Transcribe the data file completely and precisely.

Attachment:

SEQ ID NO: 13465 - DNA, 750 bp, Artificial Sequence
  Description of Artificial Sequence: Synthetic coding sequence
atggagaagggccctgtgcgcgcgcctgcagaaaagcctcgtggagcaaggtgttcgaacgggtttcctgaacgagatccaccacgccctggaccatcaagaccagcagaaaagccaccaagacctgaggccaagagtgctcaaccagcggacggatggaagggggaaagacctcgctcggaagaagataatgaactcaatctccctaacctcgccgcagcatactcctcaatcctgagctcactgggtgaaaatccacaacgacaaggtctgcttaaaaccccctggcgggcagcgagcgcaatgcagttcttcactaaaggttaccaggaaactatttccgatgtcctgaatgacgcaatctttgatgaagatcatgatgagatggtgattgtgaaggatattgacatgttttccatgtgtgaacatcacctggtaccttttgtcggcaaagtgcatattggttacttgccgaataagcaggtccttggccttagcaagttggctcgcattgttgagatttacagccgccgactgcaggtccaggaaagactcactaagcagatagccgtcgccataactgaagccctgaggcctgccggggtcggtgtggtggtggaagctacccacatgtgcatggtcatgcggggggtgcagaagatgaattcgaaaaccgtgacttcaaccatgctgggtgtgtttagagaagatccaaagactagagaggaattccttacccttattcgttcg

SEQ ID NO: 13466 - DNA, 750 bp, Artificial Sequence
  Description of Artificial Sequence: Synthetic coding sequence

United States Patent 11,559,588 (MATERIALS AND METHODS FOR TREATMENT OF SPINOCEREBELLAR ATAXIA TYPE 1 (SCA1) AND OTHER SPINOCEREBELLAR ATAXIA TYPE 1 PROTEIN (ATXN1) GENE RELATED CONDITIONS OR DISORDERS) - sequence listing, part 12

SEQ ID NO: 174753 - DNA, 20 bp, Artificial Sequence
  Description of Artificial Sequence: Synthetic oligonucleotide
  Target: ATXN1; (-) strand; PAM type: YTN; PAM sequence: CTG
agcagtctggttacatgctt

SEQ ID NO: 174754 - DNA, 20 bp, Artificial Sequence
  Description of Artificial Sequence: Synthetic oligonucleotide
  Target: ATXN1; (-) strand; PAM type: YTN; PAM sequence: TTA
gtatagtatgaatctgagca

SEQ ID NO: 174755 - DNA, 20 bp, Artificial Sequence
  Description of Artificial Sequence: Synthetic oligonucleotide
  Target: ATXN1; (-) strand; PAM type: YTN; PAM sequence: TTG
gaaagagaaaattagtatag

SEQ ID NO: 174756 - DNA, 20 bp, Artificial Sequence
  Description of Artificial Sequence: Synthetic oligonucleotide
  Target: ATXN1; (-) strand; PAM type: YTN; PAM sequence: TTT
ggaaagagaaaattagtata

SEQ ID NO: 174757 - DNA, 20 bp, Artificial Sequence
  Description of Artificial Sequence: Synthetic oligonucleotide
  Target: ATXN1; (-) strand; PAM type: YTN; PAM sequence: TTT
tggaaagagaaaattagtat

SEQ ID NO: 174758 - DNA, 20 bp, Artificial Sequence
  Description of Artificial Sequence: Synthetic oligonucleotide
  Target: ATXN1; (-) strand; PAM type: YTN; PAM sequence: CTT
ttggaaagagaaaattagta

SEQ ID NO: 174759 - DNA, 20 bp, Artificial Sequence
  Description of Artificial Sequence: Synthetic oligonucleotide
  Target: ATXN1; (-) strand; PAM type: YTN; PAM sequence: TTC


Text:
SEQ ID NO: 13465 - DNA, 750 bp, Artificial Sequence
  Description of Artificial Sequence: Synthetic coding sequence
atggagaagggccctgtgcgcgcgcctgcagaaaagcctcgtggagcaaggtgttcgaacgggtttcctgaacgagatccaccacgccctggaccatcaagaccagcagaaaagccaccaagacctgaggccaagagtgctcaaccagcggacggatggaagggggaaagacctcgctcggaagaagataatgaactcaatctccctaacctcgccgcagcatactcctcaatcctgagctcactgggtgaaaatccacaacgacaaggtctgcttaaaaccccctggcgggcagcgagcgcaatgcagttcttcactaaaggttaccaggaaactatttccgatgtcctgaatgacgcaatctttgatgaagatcatgatgagatggtgattgtgaaggatattgacatgttttccatgtgtgaacatcacctggtaccttttgtcggcaaagtgcatattggttacttgccgaataagcaggtccttggccttagcaagttggctcgcattgttgagatttacagccgccgactgcaggtccaggaaagactcactaagcagatagccgtcgccataactgaagccctgaggcctgccggggtcggtgtggtggtggaagctacccacatgtgcatggtcatgcggggggtgcagaagatgaattcgaaaaccgtgacttcaaccatgctgggtgtgtttagagaagatccaaagactagagaggaattccttacccttattcgttcg

SEQ ID NO: 13466 - DNA, 750 bp, Artificial Sequence
  Description of Artificial Sequence: Synthetic coding sequence

United States Patent 11,559,588 (MATERIALS AND METHODS FOR TREATMENT OF SPINOCEREBELLAR ATAXIA TYPE 1 (SCA1) AND OTHER SPINOCEREBELLAR ATAXIA TYPE 1 PROTEIN (ATXN1) GENE RELATED CONDITIONS OR DISORDERS) - sequence listing, part 12

SEQ ID NO: 174753 - DNA, 20 bp, Artificial Sequence
  Description of Artificial Sequence: Synthetic oligonucleotide
  Target: ATXN1; (-) strand; PAM type: YTN; PAM sequence: CTG
agcagtctggttacatgctt

SEQ ID NO: 174754 - DNA, 20 bp, Artificial Sequence
  Description of Artificial Sequence: Synthetic oligonucleotide
  Target: ATXN1; (-) strand; PAM type: YTN; PAM sequence: TTA
gtatagtatgaatctgagca

SEQ ID NO: 174755 - DNA, 20 bp, Artificial Sequence
  Description of Artificial Sequence: Synthetic oligonucleotide
  Target: ATXN1; (-) strand; PAM type: YTN; PAM sequence: TTG
gaaagagaaaattagtatag

SEQ ID NO: 174756 - DNA, 20 bp, Artificial Sequence
  Description of Artificial Sequence: Synthetic oligonucleotide
  Target: ATXN1; (-) strand; PAM type: YTN; PAM sequence: TTT
ggaaagagaaaattagtata

SEQ ID NO: 174757 - DNA, 20 bp, Artificial Sequence
  Description of Artificial Sequence: Synthetic oligonucleotide
  Target: ATXN1; (-) strand; PAM type: YTN; PAM sequence: TTT
tggaaagagaaaattagtat

SEQ ID NO: 174758 - DNA, 20 bp, Artificial Sequence
  Description of Artificial Sequence: Synthetic oligonucleotide
  Target: ATXN1; (-) strand; PAM type: YTN; PAM sequence: CTT
ttggaaagagaaaattagta

SEQ ID NO: 174759 - DNA, 20 bp, Artificial Sequence
  Description of Artificial Sequence: Synthetic oligonucleotide
  Target: ATXN1; (-) strand; PAM type: YTN; PAM sequence: TTC